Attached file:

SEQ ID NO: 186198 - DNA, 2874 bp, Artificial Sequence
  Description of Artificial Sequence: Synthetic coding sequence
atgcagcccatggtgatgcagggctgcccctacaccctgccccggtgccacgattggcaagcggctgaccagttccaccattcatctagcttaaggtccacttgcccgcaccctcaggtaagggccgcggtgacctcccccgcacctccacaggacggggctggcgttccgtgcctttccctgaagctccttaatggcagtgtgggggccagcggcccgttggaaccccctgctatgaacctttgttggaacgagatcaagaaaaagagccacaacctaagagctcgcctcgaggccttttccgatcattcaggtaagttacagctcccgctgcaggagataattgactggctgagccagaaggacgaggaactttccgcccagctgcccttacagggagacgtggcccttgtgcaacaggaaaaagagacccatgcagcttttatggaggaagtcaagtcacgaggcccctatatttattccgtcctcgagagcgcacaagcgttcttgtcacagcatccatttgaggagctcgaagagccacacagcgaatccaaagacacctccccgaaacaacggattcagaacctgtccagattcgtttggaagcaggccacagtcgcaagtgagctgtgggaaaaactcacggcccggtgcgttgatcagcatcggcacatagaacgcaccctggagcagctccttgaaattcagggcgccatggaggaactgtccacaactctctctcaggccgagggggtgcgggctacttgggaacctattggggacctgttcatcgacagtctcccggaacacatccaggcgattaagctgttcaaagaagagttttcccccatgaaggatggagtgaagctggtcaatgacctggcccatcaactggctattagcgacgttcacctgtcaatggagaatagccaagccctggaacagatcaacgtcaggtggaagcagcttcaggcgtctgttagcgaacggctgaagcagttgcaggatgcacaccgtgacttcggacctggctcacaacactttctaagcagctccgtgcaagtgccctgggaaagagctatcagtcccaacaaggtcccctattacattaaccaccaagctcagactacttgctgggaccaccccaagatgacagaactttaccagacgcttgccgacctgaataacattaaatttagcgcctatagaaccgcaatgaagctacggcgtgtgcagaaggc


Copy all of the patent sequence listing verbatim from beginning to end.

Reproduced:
SEQ ID NO: 186198 - DNA, 2874 bp, Artificial Sequence
  Description of Artificial Sequence: Synthetic coding sequence
atgcagcccatggtgatgcagggctgcccctacaccctgccccggtgccacgattggcaagcggctgaccagttccaccattcatctagcttaaggtccacttgcccgcaccctcaggtaagggccgcggtgacctcccccgcacctccacaggacggggctggcgttccgtgcctttccctgaagctccttaatggcagtgtgggggccagcggcccgttggaaccccctgctatgaacctttgttggaacgagatcaagaaaaagagccacaacctaagagctcgcctcgaggccttttccgatcattcaggtaagttacagctcccgctgcaggagataattgactggctgagccagaaggacgaggaactttccgcccagctgcccttacagggagacgtggcccttgtgcaacaggaaaaagagacccatgcagcttttatggaggaagtcaagtcacgaggcccctatatttattccgtcctcgagagcgcacaagcgttcttgtcacagcatccatttgaggagctcgaagagccacacagcgaatccaaagacacctccccgaaacaacggattcagaacctgtccagattcgtttggaagcaggccacagtcgcaagtgagctgtgggaaaaactcacggcccggtgcgttgatcagcatcggcacatagaacgcaccctggagcagctccttgaaattcagggcgccatggaggaactgtccacaactctctctcaggccgagggggtgcgggctacttgggaacctattggggacctgttcatcgacagtctcccggaacacatccaggcgattaagctgttcaaagaagagttttcccccatgaaggatggagtgaagctggtcaatgacctggcccatcaactggctattagcgacgttcacctgtcaatggagaatagccaagccctggaacagatcaacgtcaggtggaagcagcttcaggcgtctgttagcgaacggctgaagcagttgcaggatgcacaccgtgacttcggacctggctcacaacactttctaagcagctccgtgcaagtgccctgggaaagagctatcagtcccaacaaggtcccctattacattaaccaccaagctcagactacttgctgggaccaccccaagatgacagaactttaccagacgcttgccgacctgaataacattaaatttagcgcctatagaaccgcaatgaagctacggcgtgtgcagaaggc